No-Nonsense Non-Monogamy: How to get your polyamorous pal’s attention 

No-Nonsense Non-Monogamy: How to get your polyamorous pal’s attention 
No-Nonsense Non-Monogamy with Shrimp Teeth
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Sam is a sex educator and artist who explores queerness, polyamory, and sexuality through their work. She’s passionate about exploring ways to broaden relationship structures to foster more connections between people. They use art and illustration as part of their education process.

No Nonsense Non Monogamy is brought to you by GLUE.

Get more from Sam by following the Shrimp Teeth Instagram and checking out Patreon


Author: Shrimp Teeth

How to get your polyamorous pal’s attention 

Some polyamorous folks unconsciously self-sabotage when they realize they can easily secure their partner’s attention by expecting them to resolve their jealously, acting out towards metamours, or centring their feelings in their pal’s other relationships.

Primaries who feel insecure often feed off of their partner’s sympathy and allegiance to the established dynamic.

 
 
 
 
 
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A post shared by Sam’s Clam, MA (@shrimpteeth)

Rather than unlearning compulsory monogamy and learning jealousy management, they continue to grasp for attention by feeling victimized by the other relationship.

A common example is when a partner has a date with a secondary, but the primary has an intense emotional outburst before/during and asks their partner to cancel the date or to come back to help them regulate.

Ideally, the person would use their emotional regulation skills instead.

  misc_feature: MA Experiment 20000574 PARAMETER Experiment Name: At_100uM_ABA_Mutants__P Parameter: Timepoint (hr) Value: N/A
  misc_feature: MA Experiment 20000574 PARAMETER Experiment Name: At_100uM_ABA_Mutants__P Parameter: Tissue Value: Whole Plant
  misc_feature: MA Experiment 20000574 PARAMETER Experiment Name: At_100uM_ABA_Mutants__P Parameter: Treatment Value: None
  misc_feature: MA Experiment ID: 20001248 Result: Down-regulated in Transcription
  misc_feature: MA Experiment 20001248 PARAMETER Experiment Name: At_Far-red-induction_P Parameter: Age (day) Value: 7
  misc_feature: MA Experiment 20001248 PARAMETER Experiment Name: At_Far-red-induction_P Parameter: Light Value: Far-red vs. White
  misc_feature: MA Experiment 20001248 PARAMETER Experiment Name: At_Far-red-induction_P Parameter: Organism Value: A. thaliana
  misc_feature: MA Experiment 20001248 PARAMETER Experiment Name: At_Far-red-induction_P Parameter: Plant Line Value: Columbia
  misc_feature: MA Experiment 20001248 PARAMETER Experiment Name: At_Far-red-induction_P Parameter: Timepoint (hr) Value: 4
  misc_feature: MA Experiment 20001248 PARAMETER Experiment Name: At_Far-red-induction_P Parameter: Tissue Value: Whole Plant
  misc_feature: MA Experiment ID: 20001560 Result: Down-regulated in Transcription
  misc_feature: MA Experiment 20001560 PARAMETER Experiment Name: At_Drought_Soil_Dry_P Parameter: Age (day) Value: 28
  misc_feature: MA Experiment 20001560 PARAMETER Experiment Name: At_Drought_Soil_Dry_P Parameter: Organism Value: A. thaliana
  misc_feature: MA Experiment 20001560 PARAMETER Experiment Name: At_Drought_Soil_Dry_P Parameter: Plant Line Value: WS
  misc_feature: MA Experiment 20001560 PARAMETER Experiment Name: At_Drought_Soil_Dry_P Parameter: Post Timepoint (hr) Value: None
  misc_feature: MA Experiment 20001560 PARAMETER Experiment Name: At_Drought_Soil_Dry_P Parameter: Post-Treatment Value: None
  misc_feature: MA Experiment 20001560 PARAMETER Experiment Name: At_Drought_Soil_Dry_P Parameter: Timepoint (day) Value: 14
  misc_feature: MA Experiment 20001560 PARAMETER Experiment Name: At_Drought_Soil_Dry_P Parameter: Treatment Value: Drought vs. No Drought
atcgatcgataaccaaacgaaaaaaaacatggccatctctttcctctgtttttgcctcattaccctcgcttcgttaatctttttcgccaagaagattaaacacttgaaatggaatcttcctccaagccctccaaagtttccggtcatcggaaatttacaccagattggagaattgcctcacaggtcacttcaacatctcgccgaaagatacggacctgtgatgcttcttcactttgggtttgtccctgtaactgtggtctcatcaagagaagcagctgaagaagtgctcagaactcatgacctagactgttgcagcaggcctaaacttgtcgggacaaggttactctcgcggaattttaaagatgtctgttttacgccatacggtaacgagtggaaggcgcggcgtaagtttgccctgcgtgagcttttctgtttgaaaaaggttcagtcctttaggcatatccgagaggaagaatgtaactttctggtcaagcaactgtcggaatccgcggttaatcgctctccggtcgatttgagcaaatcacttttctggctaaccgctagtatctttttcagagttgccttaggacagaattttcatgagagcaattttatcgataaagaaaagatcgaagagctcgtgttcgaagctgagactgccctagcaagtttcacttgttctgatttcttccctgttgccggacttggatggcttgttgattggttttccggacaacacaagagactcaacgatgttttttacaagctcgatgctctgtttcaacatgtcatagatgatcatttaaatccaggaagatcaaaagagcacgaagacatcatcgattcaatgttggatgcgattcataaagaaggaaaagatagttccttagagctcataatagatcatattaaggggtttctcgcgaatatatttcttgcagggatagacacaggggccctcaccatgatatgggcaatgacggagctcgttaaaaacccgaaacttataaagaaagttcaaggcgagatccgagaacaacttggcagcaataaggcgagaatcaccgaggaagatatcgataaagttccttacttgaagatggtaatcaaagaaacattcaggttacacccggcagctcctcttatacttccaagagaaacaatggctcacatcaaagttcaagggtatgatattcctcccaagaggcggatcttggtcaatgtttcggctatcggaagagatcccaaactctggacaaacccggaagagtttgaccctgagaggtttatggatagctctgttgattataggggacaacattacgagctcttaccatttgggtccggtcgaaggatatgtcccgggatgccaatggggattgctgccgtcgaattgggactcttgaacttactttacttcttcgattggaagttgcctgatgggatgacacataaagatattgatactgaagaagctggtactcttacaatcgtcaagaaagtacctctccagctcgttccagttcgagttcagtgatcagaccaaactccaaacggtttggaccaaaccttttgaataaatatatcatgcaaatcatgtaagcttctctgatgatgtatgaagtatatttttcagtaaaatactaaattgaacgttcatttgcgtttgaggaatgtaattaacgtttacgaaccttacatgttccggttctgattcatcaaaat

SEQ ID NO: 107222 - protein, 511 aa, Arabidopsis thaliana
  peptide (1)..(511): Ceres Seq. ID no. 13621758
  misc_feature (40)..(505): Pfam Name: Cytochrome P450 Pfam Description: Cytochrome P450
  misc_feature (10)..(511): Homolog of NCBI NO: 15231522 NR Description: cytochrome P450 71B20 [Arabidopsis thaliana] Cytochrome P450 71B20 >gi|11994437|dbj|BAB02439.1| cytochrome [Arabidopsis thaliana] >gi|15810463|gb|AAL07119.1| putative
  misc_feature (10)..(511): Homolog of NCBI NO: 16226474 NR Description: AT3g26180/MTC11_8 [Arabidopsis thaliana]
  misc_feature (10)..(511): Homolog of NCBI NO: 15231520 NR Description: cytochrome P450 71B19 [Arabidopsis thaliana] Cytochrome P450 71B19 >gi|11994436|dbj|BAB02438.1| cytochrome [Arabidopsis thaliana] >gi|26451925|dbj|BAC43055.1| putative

Another common instance is when one partner initially agrees to try polyamory but asks to slow down or close up to work on the relationship after their pal has met someone new.

There’s never a perfect time to open, getting into a pattern of open/close doesn’t ultimately help.

Learning to let go of control over our pals’ other relationships means that we’re also less likely to get constant sympathetic attention.

I don’t think folks do this maliciously either, I think they’re scared. Being responsible for our own feelings/actions means our pals are too.

Self-differentiating is a terrifying prospect for couples who have unknowingly formed co-dependent dynamics.

Compmono (compulsive monogamy) normalizes unhealthy boundaries that often go unnoticed.

It can be alarming and scary to realize we don’t know how to be responsible for our emotions & actions. Shifting a relationship dynamic to no longer rely on pals to take responsibility for our emotional wellness takes a lot of work.

It’s not a good idea to incorporate other pals into an established relationship with unaddressed co-dependency. All of this education is hard to do because folks genuinely believe their monogamous relationship is perfect until they open.

Suddenly all sorts of issues pop up that they never anticipated. The drive to “fix” things through control is strong, but it’s rarely the right answer.

Letting go of control
Letting go of control

Learning to let go and embrace flexibility is the only way to resolve underlying relationship issues. If we go into polyamory expecting our pals to always behave how we want, we’re setting ourselves up for failure.

The only solution is learning distress tolerance and regulation. Developing skills to handle our own emotions means we don’t rely on the relationship to validate our entire selves.

We can directly ask pals for support and attention from a centred place rather than grasping for sympathetic attention whenever we feel insecure.

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A post shared by Keely C Helmick, LPC, CST (@queer_therapist_pdx)

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